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Print media is struggling to reinvent in our increasingly digital world. Two Carnegie Mellon University alumni are helping to bridge the gap.
Cameron Brown is director of technology for e-commerce and customer data systems at NYTimes.com.
There Brown oversees digital billing, email, registration and more. His team is responsible for building the Times' recent move into digital subscription — the 'pay wall.'
"Print isn't dead yet, and I believe there will likely remain niche markets," said Brown (DC'95). "But big picture, the medium isn't going to recover."
He explained, "My role, as I see it, is to help one of the most important sources of quality news and information transform itself. The challenge is turning it into a digital-oriented business that can profitably sustain itself without sacrificing that which makes it great — a real newsroom."
Daniel Schultz (DC'09) is a more recent entrant into the field. He was recently named a 2012 Knight-Mozilla Fellow and beginning in May, will be based at the Boston Globe, helping to develop their tablet apps, website and other R&D projects.
"Many people have used words like 'dying' when describing print news, but 'shrinking' and 'changing' would be much more apt," said Schultz, who is currently a master's candidate at the MIT Media Lab. "Journalism, however, is absolutely in for the long haul although its model and medium is shifting."
Schultz added, "How the two fit together, how the end format changes with the medium, and how technology can be used to enhance the collection, distribution and consumption experience — that's where people like me come into the picture. I'm optimistic for the future of journalism and community."
Brown, a 1995 Truman Scholar, says he took a "circuitous" route to his current position, including volunteer work with AIDS relief and forays into yoga, nightclubs and fashion design.
"Ultimately, my tech background won out in every job that I took," said Brown. "My current position brings me full loop, as my role now requires a strong background in engineering, business and finance, all of which I can directly tie to my time at CMU."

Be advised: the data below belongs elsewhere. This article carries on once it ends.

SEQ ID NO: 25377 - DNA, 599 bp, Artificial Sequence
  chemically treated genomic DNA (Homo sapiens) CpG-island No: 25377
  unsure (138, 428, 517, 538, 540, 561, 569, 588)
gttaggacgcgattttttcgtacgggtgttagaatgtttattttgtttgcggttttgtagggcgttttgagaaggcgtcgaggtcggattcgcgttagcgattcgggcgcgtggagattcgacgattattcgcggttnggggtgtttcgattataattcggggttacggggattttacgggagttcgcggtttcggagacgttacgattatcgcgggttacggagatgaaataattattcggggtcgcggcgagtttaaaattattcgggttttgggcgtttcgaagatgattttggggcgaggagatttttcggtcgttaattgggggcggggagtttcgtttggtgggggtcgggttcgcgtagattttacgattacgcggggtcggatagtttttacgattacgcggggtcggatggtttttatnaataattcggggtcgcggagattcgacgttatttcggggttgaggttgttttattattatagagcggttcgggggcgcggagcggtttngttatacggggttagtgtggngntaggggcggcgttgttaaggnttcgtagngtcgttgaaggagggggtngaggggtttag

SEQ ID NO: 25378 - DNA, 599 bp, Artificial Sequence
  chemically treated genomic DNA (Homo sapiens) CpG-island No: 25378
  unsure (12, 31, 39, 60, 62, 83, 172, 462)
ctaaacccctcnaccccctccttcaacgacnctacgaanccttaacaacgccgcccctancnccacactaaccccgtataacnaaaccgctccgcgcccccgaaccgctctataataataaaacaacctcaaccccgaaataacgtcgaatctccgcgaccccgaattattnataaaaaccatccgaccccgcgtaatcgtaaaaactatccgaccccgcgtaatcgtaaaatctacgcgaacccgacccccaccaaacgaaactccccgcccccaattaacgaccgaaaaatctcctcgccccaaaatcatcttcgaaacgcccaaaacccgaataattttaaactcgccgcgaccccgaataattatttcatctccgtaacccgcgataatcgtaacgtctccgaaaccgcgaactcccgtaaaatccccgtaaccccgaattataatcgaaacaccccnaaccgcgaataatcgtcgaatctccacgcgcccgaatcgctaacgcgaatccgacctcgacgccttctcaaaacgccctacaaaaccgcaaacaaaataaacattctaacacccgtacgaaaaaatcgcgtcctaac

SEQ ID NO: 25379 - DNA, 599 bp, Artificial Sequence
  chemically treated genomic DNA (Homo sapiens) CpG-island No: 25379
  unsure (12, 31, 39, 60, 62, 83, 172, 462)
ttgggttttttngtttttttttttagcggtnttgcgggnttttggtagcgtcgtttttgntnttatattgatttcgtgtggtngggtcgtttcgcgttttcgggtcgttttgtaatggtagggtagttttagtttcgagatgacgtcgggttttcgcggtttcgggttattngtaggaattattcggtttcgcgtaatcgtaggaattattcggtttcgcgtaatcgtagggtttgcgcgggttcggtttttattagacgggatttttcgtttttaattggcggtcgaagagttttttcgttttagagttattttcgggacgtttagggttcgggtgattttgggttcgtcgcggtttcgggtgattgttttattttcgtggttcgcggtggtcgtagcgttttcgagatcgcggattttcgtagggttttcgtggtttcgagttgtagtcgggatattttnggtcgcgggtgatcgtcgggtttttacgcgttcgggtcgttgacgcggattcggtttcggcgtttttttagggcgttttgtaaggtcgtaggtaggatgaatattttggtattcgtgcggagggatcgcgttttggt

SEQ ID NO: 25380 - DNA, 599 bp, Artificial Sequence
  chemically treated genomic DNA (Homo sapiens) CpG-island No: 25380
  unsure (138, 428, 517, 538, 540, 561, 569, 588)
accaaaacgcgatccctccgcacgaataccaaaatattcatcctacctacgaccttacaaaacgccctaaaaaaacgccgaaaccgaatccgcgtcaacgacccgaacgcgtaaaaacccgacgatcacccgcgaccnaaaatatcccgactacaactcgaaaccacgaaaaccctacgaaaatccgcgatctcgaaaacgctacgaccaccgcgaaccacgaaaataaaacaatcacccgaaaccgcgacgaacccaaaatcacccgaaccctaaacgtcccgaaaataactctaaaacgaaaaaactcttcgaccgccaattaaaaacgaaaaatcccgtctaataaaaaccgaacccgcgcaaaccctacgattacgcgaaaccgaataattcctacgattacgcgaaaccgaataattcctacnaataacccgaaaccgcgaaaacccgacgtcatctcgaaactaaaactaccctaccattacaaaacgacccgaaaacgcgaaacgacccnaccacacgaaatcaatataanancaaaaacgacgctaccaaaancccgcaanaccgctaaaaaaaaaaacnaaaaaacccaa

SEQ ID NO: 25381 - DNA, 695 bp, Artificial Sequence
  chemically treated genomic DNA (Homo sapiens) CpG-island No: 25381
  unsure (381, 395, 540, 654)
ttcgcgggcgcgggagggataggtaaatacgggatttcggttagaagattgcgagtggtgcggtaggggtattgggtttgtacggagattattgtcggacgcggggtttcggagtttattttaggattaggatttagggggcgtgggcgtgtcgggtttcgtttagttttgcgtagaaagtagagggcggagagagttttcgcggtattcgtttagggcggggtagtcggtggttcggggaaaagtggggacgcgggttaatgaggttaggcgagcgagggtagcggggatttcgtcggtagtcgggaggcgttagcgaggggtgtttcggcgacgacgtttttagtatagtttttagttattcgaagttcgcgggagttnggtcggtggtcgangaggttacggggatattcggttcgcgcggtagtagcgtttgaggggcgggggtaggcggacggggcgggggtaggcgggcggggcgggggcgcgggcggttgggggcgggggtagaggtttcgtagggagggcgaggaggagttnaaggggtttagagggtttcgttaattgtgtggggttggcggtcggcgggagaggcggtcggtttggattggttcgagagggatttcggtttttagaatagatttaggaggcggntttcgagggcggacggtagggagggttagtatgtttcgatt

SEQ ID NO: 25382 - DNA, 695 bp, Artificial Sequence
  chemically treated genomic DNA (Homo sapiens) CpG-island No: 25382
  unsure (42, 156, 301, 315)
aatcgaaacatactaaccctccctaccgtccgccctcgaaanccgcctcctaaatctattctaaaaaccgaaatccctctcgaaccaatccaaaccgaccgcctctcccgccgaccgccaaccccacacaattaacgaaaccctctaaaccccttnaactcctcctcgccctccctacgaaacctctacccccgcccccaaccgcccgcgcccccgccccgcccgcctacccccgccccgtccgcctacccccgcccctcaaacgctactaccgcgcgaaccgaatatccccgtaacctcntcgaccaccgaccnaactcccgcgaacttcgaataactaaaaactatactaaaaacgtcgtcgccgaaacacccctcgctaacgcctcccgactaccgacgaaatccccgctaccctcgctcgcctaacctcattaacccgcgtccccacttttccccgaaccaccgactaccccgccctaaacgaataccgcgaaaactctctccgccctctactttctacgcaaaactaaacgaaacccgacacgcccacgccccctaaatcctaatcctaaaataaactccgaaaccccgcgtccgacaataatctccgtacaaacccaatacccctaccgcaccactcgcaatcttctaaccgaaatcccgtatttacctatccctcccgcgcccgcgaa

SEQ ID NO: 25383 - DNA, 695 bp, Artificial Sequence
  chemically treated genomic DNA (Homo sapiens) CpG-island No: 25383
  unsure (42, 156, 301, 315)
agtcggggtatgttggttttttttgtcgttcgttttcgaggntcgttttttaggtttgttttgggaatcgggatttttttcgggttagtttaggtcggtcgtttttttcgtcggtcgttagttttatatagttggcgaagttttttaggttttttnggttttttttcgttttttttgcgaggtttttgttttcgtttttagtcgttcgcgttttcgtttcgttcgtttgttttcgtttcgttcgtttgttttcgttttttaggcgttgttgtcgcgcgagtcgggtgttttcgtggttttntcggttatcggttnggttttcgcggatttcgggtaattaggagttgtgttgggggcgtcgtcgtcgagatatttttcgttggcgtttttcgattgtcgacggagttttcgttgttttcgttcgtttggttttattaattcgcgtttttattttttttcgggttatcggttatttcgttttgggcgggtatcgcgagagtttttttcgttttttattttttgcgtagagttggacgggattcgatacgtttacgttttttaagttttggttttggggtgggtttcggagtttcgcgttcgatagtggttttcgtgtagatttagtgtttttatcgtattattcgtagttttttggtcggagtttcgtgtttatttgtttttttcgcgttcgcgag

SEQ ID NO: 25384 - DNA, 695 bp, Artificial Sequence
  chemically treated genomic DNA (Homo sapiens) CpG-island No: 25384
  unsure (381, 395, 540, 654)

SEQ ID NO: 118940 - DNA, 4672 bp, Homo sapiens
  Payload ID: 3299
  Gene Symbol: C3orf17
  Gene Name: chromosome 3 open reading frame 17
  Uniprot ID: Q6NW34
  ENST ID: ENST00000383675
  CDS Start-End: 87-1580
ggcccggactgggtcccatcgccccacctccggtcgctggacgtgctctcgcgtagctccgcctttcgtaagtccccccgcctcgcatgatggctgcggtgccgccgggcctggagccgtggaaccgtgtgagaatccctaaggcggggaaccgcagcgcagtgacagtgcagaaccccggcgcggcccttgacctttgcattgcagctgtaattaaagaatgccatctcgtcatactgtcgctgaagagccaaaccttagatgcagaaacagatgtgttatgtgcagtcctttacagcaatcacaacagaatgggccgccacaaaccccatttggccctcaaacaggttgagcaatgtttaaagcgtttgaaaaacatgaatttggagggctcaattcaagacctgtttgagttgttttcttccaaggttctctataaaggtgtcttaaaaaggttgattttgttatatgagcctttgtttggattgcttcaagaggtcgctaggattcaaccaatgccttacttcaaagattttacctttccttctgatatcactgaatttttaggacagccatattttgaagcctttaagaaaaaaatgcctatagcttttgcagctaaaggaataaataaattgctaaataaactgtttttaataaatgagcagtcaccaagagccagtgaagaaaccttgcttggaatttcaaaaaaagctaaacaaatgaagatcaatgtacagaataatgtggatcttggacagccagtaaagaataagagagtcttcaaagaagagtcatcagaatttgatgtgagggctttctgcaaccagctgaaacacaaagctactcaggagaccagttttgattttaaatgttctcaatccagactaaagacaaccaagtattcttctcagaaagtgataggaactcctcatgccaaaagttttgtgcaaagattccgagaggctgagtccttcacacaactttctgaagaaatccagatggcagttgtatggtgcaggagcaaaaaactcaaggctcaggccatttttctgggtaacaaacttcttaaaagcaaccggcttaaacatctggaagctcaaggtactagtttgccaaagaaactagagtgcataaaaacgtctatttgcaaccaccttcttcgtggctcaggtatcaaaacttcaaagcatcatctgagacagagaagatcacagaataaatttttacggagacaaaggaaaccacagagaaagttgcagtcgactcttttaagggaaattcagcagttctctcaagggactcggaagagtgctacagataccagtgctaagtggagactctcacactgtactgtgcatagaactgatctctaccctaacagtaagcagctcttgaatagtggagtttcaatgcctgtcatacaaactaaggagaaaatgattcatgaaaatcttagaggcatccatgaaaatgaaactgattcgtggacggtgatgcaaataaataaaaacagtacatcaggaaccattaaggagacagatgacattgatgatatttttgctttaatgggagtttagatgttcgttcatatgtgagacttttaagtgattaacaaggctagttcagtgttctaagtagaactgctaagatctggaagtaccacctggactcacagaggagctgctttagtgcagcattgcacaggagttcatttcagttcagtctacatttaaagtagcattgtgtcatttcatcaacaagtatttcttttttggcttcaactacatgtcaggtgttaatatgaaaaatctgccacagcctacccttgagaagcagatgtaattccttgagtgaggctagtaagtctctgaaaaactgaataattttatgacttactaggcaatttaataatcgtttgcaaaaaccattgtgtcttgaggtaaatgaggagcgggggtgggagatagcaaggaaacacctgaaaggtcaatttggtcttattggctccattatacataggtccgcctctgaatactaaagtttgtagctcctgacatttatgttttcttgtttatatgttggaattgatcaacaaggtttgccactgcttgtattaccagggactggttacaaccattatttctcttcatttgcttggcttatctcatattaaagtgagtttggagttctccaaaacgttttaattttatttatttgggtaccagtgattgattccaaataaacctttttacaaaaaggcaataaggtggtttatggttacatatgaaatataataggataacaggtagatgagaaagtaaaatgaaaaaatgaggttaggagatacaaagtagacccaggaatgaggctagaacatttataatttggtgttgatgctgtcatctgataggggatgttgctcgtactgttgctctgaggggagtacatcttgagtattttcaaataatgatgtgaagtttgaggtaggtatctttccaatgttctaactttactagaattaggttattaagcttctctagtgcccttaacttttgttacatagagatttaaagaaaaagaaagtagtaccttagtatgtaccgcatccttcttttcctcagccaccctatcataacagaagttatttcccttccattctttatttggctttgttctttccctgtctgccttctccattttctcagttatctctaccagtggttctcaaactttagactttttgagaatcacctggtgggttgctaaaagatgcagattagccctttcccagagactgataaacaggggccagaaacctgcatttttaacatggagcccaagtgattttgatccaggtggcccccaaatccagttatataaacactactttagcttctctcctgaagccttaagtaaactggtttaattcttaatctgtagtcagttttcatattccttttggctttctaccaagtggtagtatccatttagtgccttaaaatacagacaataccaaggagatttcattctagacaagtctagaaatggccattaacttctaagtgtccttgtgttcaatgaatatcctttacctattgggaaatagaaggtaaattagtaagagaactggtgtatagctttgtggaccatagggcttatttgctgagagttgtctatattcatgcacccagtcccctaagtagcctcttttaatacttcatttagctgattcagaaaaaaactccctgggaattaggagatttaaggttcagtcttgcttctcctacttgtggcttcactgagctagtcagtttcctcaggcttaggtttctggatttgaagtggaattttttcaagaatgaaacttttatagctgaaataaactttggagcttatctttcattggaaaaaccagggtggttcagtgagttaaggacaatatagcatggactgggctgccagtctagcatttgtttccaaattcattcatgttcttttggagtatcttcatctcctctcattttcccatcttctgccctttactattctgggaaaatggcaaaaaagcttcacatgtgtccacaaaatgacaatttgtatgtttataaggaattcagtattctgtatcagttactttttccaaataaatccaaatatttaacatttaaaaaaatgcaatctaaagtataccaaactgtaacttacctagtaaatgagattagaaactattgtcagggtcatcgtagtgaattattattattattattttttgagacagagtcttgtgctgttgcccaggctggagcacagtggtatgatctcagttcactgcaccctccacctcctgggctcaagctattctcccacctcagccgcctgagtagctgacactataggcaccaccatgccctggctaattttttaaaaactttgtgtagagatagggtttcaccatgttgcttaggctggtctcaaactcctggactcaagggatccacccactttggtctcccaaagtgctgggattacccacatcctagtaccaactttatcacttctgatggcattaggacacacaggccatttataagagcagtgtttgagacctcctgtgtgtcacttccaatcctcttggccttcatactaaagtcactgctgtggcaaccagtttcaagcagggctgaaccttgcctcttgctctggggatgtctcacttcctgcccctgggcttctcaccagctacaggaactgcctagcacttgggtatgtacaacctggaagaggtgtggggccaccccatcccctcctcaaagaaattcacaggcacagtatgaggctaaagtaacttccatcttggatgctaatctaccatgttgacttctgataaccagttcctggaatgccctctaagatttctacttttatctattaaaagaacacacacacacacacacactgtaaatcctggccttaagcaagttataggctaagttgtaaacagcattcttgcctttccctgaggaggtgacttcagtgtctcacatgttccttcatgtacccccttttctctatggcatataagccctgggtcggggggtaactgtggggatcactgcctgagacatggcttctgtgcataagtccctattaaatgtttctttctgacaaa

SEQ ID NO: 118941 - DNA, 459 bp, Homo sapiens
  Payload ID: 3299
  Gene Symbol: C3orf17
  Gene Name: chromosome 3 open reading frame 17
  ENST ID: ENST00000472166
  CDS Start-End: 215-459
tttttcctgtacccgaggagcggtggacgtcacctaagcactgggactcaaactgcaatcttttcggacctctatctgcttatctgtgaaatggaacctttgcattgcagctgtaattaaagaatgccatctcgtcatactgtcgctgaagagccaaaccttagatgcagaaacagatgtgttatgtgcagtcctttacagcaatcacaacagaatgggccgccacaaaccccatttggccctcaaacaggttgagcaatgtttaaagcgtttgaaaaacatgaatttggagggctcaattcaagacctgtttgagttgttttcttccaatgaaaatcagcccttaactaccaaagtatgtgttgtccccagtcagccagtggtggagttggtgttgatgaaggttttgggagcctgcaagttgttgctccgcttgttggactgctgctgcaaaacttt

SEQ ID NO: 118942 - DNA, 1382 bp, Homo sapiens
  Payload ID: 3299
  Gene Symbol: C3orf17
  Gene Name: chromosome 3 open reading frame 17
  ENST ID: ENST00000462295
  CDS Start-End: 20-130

He added, "The breadth and depth of CMU was a key factor in giving me the exposure to multiple disciplines necessary to navigate my career. An amazing work ethic embodied in the motto 'My Heart is in the Work' has been critical to having the fortitude to see through intransient projects such as the pay wall."
Schultz's route was also indirect, as he "tripped and fell into it" by winning the Knight News Challenge for a sophomore year professional writing project.
"I've always been motivated to bring groups of people together through technology," he explained. "It turns out that this is an important field full of interesting and unsolved challenges — the perfect place for any noble techie looking for a chance to stay creative."
Added Schultz, "CMU was spectacular and had so many outlets for passion. I had the chance to work closely with my professors thanks to research opportunities. The Information Systems program trained me for exactly the kind of work I'm doing now — applying technology to solve problems and thinking through the user experience."
Brown, currently the president of CMU's New York Metro Alumni Chapter, says he'd welcome fellow alums at NYTimes.com. "We're looking for talented engineers, architects and managers who have a passion for building great software."